"We have an obligation to follow the criteria that the [Adirondack Park State Land Master Plan] has set for us as to how we look at a classification process," said Weber. "And, so we need to look at the various areas of resources, with those being the physical resources, the biological resources, the intangible resources which have to do with an area's sense of remoteness or its ruggedness. Those kinds of resources that are more difficult to describe but they are real."
Weber said the APA must look at existing use on the land and the facilities that are there.
"We have to look at all of those resources together to come up with a recommendation," he said.
The recommendation - which includes comments from the public - is then gathered by APA staff and given to the agency's board of directors. The action they take, said Weber, is to either accept the recommendations or "modify the recommendations as they see fit."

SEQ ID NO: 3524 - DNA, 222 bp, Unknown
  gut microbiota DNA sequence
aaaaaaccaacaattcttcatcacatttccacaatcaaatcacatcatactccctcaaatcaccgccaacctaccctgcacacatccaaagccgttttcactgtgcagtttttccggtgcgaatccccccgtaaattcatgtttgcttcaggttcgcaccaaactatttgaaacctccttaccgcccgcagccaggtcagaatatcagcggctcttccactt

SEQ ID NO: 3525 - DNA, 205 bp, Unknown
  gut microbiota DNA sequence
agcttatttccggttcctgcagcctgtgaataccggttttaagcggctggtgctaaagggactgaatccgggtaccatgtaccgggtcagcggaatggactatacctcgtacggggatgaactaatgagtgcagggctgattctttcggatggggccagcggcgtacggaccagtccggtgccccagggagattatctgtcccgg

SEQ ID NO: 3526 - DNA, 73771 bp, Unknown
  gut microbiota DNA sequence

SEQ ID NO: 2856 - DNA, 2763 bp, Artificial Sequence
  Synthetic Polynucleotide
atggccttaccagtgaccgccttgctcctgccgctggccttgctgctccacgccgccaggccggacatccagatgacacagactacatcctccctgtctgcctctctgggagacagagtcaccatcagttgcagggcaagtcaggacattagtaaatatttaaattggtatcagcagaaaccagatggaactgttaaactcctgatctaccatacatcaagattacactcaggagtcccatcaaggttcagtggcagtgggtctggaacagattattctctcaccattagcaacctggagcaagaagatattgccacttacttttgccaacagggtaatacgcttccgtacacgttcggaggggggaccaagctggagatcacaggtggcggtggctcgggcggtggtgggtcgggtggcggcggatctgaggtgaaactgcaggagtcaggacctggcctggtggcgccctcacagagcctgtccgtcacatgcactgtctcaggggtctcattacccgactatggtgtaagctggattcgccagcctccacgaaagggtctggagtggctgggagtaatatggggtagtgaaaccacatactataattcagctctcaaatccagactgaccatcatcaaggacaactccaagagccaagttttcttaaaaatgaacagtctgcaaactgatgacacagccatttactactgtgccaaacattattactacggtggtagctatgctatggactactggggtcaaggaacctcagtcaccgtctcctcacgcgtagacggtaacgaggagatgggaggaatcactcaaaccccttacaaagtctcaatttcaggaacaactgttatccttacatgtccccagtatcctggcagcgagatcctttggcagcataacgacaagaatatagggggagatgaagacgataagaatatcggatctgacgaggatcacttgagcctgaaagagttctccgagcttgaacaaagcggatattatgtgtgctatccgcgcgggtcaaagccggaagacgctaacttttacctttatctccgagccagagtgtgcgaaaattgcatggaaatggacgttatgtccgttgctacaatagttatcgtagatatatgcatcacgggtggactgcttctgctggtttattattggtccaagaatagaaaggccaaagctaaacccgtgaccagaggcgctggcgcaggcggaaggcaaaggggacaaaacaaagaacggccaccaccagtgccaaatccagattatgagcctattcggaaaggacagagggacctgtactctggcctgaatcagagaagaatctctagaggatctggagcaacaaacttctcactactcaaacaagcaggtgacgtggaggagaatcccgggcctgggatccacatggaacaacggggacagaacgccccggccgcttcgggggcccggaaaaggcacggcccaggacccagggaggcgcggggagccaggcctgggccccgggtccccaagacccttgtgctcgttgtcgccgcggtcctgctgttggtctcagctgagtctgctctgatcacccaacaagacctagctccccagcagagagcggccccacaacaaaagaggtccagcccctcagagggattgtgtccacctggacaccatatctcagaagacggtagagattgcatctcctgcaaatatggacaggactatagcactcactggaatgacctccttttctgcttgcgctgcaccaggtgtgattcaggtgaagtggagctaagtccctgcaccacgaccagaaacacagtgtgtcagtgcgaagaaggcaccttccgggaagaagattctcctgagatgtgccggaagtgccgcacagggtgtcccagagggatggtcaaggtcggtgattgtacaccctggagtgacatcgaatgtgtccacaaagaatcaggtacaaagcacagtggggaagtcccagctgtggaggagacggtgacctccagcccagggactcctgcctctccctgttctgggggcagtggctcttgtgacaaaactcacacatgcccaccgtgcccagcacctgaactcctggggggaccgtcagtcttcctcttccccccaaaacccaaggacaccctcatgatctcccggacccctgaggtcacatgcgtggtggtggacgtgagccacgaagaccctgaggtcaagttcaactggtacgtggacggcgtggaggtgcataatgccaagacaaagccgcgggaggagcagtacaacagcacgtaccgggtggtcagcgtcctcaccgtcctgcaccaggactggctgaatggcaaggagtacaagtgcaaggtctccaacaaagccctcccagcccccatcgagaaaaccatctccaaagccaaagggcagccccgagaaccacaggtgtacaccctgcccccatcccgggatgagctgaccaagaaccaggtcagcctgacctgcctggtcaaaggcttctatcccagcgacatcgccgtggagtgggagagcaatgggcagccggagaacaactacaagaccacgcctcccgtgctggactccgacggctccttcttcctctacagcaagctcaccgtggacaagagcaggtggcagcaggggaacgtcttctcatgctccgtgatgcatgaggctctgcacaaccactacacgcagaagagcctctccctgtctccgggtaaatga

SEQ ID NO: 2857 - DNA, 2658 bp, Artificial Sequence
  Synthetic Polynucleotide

However, the board's final recommendation is merely that - a recommendation - which is forwarded on to Gov. David A. Paterson for a final decision.
"It's the governor that ultimately puts into effect the recommended classification of the land," said Weber.
The Jan. 28 hearing, which will be held at the town hall, located at 3662 State Route 3, will begin at 7 p.m. Those who are unable to attend may submit comments in writing in care of Weber to P.O. Box 99, Ray Brook N.Y. 12977 or by e-mail to email@example.com. Comments may also be faxed to 891-3938 and Weber may be reached at 891-4050.
The public comment period is open until Friday, March 19.
"Depending on the kind of comments we get, that could always be extended, if necessary" said Weber.
For more information, visit the APA Web site at www.apa.state.ny.us.